If I buy a superbike, the most logical thing to do with it would be to take it to the track. Becoming a track addict is similar to becoming a heroin junkie, you’re always out of money, there’s always something more to buy, and you find yourself sucking bleedy dicks in dark alleys to support the habit.

And then there are upgrades. The entire superbike ecosystem is designed to squeeze you dry.

I’ve always said that bikes are a means to an end for me, and it doesn’t make financial sense to spend too much on the means. It’s like air travel, I always go economy class even if I can afford business, because the flight doesn’t matter. If I ever start getting angered by an annoying passenger, like someone sitting next to me and hogging the entire armrest, or someone with a crying baby who don’t seem to care about others, I tell myself that this 10,000 km journey would have taken 10 years in 1876, a bit of inconvenience for 10 hours is no big deal.

This isn’t what I want

This is perhaps the most important reason, I do not have the need for a superbike, I don’t want one. I don’t want to wake up people in the middle of the night with my exhaust, I don’t need wheelies on demand, I have nobody to impress. Most people who buy a sports bike do so because the bike is more than just a machine to them, a symbol of something else. My entire aim in life is to be as less symbolic as possible.

If there was no other option, if all bikes were costly to live with, then I guess it would make some sense, although in that case it’s quite possible that I would never have got involved with motorcycles to begin with. The good thing is that we have cheaper choices, machines that do exactly what we want them to do at 10% the cost of a superbike. There’s no logical explanation why someone would give up on such a choice.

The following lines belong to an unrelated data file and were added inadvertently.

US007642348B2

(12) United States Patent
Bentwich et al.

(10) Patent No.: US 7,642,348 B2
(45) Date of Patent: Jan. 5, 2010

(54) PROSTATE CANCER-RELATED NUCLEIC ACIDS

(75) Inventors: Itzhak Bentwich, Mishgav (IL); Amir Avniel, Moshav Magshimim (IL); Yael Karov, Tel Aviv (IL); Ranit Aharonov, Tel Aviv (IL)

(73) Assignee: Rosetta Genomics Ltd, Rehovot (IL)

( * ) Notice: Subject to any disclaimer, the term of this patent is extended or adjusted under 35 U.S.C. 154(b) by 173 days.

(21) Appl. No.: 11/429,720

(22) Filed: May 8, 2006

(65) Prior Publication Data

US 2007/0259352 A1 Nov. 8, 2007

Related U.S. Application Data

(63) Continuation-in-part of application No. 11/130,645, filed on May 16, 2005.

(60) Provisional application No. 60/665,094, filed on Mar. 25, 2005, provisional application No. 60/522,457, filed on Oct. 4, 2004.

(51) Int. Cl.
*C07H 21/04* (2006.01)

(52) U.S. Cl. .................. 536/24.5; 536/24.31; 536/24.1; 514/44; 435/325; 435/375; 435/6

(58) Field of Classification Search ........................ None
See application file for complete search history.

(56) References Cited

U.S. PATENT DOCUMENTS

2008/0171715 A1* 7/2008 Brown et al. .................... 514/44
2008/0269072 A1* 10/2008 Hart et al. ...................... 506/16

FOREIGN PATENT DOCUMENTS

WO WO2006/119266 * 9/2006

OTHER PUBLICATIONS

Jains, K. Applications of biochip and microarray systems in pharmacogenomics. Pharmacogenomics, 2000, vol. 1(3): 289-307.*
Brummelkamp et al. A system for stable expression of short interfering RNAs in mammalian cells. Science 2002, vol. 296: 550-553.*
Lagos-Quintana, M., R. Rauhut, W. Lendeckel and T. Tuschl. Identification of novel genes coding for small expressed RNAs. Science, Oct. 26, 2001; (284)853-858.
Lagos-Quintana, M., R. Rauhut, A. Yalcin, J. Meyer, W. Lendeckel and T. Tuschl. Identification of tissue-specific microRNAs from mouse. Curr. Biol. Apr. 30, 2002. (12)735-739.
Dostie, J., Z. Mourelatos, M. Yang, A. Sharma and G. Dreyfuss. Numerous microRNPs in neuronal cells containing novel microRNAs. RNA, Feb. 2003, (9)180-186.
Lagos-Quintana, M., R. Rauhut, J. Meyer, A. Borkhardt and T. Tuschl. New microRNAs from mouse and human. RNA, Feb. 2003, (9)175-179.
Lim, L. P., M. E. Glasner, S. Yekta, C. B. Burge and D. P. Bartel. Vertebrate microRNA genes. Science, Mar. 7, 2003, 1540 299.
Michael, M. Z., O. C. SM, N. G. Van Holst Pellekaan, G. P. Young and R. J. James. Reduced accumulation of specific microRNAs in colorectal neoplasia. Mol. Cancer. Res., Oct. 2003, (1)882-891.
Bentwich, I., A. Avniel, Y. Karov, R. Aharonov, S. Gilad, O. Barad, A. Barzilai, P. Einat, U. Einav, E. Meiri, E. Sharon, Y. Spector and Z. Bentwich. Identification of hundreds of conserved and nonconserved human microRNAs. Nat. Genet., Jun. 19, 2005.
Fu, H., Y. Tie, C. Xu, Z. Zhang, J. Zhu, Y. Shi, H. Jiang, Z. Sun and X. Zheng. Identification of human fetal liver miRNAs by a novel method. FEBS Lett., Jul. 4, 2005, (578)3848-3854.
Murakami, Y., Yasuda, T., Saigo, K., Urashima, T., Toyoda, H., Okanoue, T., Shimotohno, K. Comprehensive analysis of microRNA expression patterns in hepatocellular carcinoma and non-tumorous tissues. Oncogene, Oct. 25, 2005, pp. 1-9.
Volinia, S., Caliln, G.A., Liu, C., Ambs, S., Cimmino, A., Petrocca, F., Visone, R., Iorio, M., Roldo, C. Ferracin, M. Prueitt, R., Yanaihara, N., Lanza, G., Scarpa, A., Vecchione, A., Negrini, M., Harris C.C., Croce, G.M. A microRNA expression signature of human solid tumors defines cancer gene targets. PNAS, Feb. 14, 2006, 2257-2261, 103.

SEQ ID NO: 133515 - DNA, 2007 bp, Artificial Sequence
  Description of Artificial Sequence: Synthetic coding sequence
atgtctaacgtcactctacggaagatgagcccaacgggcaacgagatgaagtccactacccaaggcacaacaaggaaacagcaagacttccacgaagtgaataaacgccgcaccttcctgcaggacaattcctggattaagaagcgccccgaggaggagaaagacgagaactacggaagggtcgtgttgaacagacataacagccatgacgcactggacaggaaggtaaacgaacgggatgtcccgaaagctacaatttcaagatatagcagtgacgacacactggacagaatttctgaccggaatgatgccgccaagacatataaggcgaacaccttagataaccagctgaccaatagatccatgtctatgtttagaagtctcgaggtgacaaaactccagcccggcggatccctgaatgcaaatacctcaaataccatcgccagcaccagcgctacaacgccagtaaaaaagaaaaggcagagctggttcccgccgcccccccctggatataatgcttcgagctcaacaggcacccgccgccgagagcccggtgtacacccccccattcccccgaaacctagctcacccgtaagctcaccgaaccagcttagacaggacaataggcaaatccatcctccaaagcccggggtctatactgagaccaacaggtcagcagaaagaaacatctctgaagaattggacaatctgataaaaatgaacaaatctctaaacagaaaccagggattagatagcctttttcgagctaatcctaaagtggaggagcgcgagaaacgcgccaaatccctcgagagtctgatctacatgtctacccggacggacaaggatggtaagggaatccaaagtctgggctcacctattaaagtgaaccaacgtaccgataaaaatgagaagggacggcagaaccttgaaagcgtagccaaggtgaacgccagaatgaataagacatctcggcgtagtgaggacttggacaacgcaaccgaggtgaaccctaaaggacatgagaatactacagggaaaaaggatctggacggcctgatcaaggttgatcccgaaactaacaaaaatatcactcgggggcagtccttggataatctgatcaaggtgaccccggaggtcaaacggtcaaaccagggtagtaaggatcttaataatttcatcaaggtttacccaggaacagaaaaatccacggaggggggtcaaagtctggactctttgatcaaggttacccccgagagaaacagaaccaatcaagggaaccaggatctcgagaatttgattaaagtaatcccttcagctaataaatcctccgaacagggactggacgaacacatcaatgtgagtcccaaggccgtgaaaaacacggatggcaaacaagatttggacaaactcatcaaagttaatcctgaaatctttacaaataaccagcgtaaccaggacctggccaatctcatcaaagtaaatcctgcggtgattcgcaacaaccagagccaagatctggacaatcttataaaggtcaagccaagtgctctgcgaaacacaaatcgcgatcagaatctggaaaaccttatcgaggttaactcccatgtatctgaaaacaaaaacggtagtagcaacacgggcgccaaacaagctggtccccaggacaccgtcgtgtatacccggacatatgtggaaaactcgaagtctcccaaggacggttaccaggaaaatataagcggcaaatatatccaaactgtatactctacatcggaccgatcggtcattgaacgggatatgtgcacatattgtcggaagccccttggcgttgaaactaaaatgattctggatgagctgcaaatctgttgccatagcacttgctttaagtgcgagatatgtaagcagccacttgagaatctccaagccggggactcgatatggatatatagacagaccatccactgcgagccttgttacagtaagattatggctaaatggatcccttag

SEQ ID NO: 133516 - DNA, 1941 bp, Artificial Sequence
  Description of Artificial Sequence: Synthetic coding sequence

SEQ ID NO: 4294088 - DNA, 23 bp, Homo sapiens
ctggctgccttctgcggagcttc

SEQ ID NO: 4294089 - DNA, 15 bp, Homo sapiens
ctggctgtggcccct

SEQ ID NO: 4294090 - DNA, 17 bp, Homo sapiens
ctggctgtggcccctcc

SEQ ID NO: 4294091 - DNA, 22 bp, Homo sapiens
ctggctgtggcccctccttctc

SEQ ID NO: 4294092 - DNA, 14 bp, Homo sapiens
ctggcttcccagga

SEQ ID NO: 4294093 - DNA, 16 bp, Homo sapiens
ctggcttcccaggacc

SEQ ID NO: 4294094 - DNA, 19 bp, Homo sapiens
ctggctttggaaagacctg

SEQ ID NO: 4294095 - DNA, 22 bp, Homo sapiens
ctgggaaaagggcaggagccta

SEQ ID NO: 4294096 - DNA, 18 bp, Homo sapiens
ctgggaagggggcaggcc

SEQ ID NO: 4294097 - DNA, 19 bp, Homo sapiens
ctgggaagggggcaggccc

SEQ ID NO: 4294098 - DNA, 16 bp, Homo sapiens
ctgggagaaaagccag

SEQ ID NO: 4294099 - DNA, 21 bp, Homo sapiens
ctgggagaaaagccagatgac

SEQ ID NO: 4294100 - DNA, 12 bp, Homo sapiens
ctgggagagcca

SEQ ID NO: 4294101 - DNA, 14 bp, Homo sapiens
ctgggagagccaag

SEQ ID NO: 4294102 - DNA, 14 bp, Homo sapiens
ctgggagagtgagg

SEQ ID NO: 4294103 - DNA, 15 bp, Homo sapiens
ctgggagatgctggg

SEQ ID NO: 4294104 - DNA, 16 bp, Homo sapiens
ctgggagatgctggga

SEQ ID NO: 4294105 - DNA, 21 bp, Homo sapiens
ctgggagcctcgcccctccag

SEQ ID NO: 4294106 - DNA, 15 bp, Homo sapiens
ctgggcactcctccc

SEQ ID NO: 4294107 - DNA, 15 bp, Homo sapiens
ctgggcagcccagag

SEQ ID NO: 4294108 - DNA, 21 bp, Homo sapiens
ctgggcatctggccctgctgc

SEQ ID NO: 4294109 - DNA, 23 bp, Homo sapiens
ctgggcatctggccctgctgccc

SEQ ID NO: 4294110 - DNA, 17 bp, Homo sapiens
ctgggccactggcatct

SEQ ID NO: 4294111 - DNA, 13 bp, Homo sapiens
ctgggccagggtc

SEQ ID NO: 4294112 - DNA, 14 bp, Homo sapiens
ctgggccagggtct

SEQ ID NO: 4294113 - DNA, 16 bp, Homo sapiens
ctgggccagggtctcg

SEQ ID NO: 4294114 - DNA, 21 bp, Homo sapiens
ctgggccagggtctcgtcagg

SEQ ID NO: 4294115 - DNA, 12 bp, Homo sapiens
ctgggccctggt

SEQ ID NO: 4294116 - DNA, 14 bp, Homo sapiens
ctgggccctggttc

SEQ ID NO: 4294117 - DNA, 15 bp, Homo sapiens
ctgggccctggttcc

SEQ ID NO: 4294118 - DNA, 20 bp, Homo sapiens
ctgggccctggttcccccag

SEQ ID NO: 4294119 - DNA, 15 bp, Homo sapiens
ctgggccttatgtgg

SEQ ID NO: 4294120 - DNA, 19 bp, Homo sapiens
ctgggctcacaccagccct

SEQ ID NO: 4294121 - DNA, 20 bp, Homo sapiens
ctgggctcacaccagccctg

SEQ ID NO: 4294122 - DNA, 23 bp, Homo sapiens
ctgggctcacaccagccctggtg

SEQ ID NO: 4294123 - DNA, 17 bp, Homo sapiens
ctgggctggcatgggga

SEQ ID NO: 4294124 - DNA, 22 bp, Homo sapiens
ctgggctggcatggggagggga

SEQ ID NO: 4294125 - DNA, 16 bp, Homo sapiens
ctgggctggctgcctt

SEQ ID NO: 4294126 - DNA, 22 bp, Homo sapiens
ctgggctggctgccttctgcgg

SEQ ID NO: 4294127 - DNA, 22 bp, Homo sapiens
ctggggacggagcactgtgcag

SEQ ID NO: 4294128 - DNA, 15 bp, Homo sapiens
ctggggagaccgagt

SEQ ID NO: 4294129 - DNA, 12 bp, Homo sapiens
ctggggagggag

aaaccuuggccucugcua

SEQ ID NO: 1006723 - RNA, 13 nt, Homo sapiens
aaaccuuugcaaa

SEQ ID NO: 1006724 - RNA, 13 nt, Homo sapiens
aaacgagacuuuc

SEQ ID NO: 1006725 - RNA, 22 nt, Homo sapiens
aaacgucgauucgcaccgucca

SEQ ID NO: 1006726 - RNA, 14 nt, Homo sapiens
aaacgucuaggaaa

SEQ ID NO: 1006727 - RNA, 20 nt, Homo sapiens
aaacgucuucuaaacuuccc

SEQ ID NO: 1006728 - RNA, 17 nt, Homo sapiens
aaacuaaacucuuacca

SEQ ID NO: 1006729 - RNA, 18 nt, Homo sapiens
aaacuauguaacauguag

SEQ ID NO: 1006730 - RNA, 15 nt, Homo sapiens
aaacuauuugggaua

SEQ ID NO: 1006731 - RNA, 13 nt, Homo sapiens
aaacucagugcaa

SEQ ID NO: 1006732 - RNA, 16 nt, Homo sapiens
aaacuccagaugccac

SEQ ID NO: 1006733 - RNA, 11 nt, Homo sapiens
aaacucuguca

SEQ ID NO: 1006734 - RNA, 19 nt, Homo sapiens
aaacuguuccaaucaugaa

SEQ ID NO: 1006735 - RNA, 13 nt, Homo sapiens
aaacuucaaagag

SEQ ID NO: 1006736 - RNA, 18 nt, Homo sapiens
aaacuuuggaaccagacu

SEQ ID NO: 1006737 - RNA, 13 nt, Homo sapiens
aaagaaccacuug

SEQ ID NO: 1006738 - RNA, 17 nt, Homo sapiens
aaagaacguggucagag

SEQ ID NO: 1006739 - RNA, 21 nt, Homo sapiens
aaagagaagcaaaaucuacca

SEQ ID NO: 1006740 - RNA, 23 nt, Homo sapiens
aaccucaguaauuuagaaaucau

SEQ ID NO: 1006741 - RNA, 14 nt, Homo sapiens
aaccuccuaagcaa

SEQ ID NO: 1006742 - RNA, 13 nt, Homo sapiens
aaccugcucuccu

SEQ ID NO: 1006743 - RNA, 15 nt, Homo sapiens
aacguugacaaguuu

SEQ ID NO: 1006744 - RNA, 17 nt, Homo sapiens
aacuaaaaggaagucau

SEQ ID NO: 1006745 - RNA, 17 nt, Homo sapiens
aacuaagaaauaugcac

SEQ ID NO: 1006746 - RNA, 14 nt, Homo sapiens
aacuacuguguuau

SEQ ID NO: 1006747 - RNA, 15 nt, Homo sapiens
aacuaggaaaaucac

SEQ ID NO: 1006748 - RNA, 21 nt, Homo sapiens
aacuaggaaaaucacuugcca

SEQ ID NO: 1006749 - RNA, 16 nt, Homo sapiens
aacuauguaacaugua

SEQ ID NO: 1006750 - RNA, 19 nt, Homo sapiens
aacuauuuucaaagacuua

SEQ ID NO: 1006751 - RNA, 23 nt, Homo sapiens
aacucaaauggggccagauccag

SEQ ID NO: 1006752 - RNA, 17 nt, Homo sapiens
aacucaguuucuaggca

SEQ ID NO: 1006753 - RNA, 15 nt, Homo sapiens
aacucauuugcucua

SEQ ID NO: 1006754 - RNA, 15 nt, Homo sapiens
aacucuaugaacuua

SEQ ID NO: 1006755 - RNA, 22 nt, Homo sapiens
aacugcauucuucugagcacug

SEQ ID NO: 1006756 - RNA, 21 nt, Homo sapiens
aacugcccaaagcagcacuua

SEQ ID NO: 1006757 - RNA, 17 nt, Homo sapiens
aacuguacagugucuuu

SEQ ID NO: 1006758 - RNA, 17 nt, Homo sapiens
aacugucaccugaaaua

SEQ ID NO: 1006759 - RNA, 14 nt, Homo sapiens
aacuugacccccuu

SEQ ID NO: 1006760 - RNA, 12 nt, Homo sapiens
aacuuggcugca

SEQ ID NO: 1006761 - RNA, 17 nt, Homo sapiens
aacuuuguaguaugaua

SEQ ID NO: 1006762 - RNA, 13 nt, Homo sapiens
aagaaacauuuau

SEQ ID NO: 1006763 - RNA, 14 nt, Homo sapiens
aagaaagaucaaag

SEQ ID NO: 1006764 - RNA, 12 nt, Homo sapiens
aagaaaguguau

Let’s say I pick up a Ninja 1000, and take it on a ride to Scotland. I may not be able to enjoy the twisties because of the fear of crashing something costly. I may not be able to enjoy my time off the bike because of the danger of it getting stolen. Every fuel stop, every oil change, every insurance renewal would remind me of a bad decision.

I know this seems like a lot of negativity for one article, but to me it is important to live within my means. It doesn’t take much to max out credit cards, take personal loans, and go into debt. Maybe when you are old such decisions feel like the right ones, but I’m too skeptical of destroying my present for the vague promise of a smile when I’m about to die.

Everything would be funny when I’m about to die.

This is why I liked the Duke so much, and why I stuck with it for so long even though I was bored with it. You just ride the shit out of that thing, leave it in jungles, smash it into rocks, it doesn’t complain, it doesn’t matter. Everything can be fixed for a few bucks, you can truly enjoy the bike, and the experience that comes with owning it.

In the end it’s the fear of buying something too valuable, I think that’s why too many superbikes end up being sold on forums with 700 kms of usage in 3 years. I don’t want to buy something that I’m afraid to use, I don’t want to buy something that I’m afraid to lose.

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  1. Rushikesh Ware

    It is good to have you back! While most of the Biking media ( YouTube, magazines, forums) want to make you feel that a superbike is what you need, very few folks like yourself write articles like this ones!

    I am in the exact same frame of mind and I am hanging on to my 5 year old Karizma.

    Keep up the good work! Cheers:)

    1. AK

      Cheers 🙂

  2. Rick

    Damn Mate… you literally spoke about things which have being lurking in the back of my mind since really long time!
    Being a 390 owner can really feel ya man, 4 years and counting yet it has never bothered my pockets.
    And yeah good to read your posts again man makes me laugh all the time.


    1. AK